Weathering the storm

By-election defeats for the Conservatives may be reaching a critical point.

The yardstick is the early 1990s. Then, the party deposed its leader, Margaret Thatcher, and watched a surprise General Election victory from the replacement, John Major.

Within months, however, the Conservatives faced economic challenges whose electoral impact became clear with mounting losses in both local and parliamentary by-elections.

In 1992, the Conservatives were losing one in four council by-elections. A year later it was losing half its seats, and by 1994 losses were running at two in every three. 

After successive disastrous May results, the party’s overall share of council seats dipped to 19 per cent, which remains its lowest share, and in 1997 the party experienced one of its worst ever General Election defeats.

Do recent Conservative losses suggest a repeat of these events? The party is currently losing almost half the seats it is defending, double the rate for 2021. The decline between 2021-2022 is identical to that for 1992-1993.

But there may be a crucial difference between the past and present.

Blair’s Labour Party was a much more formidable local government opponent than the party is currently. The Conservatives are losing seats at an alarming rate but defeat is dealt by multiple foes.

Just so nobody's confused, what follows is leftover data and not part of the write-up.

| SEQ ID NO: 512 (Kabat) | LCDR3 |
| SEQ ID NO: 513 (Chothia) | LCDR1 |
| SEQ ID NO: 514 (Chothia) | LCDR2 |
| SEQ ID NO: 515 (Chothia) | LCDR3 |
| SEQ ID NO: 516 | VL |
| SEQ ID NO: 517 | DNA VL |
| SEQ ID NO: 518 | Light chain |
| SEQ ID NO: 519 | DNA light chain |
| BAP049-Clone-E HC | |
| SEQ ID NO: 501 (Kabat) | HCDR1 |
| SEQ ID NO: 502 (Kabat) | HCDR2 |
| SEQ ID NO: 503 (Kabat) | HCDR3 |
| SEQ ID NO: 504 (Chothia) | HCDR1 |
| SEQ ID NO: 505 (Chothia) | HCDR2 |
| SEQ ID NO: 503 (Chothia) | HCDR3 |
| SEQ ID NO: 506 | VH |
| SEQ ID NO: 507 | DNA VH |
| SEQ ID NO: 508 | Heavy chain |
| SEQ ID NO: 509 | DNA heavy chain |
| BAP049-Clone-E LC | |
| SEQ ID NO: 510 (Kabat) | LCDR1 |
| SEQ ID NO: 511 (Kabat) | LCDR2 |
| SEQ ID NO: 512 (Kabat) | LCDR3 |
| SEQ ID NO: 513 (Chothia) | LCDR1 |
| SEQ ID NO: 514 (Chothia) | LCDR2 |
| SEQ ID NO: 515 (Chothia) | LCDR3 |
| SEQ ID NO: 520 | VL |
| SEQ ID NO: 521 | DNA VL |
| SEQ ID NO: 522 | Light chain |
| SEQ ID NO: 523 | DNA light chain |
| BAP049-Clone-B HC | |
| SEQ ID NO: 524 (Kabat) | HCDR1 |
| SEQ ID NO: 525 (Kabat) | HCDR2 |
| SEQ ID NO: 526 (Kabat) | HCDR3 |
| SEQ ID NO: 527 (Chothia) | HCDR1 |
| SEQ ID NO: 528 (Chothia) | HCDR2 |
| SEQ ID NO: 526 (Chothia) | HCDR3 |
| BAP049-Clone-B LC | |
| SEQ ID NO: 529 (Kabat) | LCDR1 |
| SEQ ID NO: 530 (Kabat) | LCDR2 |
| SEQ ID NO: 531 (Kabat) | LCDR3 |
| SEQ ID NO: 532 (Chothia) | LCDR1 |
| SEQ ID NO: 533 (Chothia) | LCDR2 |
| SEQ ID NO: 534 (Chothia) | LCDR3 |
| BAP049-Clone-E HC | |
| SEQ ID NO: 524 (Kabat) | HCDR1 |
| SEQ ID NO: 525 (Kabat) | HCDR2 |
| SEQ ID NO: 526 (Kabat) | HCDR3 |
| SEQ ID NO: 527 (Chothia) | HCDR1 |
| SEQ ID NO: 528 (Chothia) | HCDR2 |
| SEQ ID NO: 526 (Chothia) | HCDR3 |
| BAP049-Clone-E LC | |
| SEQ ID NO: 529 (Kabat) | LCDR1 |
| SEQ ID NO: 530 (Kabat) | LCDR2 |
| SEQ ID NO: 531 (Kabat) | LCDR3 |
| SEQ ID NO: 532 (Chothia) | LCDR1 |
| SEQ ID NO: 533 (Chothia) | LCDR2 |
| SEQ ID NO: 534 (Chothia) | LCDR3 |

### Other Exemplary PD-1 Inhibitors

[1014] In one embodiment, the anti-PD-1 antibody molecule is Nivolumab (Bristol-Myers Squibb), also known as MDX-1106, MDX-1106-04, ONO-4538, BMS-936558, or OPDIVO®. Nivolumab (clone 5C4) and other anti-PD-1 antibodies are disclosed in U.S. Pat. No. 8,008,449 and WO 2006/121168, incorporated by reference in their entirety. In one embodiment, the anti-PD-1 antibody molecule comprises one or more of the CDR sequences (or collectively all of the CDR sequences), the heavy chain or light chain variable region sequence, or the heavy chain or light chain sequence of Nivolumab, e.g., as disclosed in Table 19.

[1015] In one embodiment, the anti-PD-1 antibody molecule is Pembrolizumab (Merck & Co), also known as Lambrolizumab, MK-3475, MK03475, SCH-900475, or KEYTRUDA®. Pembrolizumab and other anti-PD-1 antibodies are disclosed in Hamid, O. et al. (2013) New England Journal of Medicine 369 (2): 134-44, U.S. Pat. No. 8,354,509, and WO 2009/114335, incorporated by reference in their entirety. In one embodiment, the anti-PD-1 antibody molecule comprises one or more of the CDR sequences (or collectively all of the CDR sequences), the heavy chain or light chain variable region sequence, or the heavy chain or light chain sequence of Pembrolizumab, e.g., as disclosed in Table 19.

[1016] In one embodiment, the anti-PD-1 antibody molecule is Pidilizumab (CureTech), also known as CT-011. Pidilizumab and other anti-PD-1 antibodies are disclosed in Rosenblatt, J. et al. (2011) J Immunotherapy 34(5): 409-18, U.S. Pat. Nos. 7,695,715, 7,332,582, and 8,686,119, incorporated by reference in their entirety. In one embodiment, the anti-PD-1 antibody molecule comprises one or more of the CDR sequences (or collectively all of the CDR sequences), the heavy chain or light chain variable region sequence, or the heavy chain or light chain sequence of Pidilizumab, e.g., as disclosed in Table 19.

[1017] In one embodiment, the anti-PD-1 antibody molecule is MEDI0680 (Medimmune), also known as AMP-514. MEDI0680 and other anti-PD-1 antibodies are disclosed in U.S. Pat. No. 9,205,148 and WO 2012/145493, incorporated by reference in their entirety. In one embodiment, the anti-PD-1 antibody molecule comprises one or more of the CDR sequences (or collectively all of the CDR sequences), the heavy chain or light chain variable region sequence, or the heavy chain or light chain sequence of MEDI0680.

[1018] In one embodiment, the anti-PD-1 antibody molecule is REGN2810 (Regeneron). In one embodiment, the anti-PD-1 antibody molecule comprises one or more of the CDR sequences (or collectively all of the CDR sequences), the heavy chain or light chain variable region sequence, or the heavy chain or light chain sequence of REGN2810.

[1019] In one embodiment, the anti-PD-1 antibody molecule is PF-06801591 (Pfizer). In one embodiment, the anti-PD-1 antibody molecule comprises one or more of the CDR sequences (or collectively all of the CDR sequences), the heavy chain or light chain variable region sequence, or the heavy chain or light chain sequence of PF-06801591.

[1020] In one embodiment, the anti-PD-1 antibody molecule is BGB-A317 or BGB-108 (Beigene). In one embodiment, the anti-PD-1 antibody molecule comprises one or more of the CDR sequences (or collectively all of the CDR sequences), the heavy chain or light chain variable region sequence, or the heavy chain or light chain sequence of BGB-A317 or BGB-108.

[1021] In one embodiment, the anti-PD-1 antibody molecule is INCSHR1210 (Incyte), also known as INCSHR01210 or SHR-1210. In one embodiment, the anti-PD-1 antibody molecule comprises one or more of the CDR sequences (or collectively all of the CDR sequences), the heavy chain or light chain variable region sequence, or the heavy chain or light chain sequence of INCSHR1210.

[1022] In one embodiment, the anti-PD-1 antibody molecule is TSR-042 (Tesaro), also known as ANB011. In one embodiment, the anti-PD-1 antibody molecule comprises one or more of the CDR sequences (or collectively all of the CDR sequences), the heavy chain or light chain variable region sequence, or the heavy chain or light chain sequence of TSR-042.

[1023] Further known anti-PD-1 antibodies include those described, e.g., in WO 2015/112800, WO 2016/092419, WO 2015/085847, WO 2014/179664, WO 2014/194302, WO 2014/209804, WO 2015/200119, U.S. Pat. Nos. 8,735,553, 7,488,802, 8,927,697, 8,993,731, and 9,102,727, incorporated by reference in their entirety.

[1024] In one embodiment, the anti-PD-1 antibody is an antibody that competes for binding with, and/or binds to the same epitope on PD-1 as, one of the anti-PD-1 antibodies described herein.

Labour easily gained the Conservative seat in West Auckland, Durham, which was split in the 2021 election. 

Its other two gains resulted from the resignation of Joe Miller, a Conservative on Brighton & Hove and Lewes Councils. Miller was re-elected in 2019 for the Rottingdean ward of the former and in the same year finished top of the poll in Lewes’ new Peacehaven West ward.  In December, Miller unsuccessfully campaigned for the Brighton Kemptown constituency, which includes both wards. 

Liberal Democrat success came in Surrey Heath’s Bisley & West End ward prior to the 5 May local elections. With no UKIP, Labour or Independent candidates contesting the vacancy, electors were left with a straight choice with votes splitting two to one in Liberal Democrat favour.

There was something similar in Carlisle’s Longtown & the Border ward with the vacancy not contested by Green, Labour and UKIP, all challengers at the previous election. 

The Liberal Democrats, without a candidate in 2019, provided the opposition this time and enjoyed a comfortable win.

The hat-trick was completed with a win in Vale of White Horse’s Steventon & the Hanneys ward.

For good measure, the Liberal Democrats added a fourth victory, gaining the previously unopposed Conservative seat in Sevenoaks’ Penshurst, Fordcombe & Chiddingstone ward.

The Greens also continue to un-seat Conservatives.

In 2019, Labour finished as runner-up in Lancaster City Council’s Ellel ward with the Greens a distant third. Labour again finished second this time round, but leapfrogged by the Greens’ Sally Maddocks as the Conservatives slumped. 

The Conservatives’ internal struggle in Spelthorne is likely affecting its electoral support there. This combined with another raft of withdrawals, which saw neither Liberal Democrats nor Labour contesting the seat, provided the opportunity for another Green gain.

North Kesteven’s Sleaford Quarrington & Mareham ward voted for two Conservatives and an Independent in 2019. The Independent interest in this by-election was provided by the Lincolnshire Independents, who unseated the Conservatives by the slender margin of just six votes.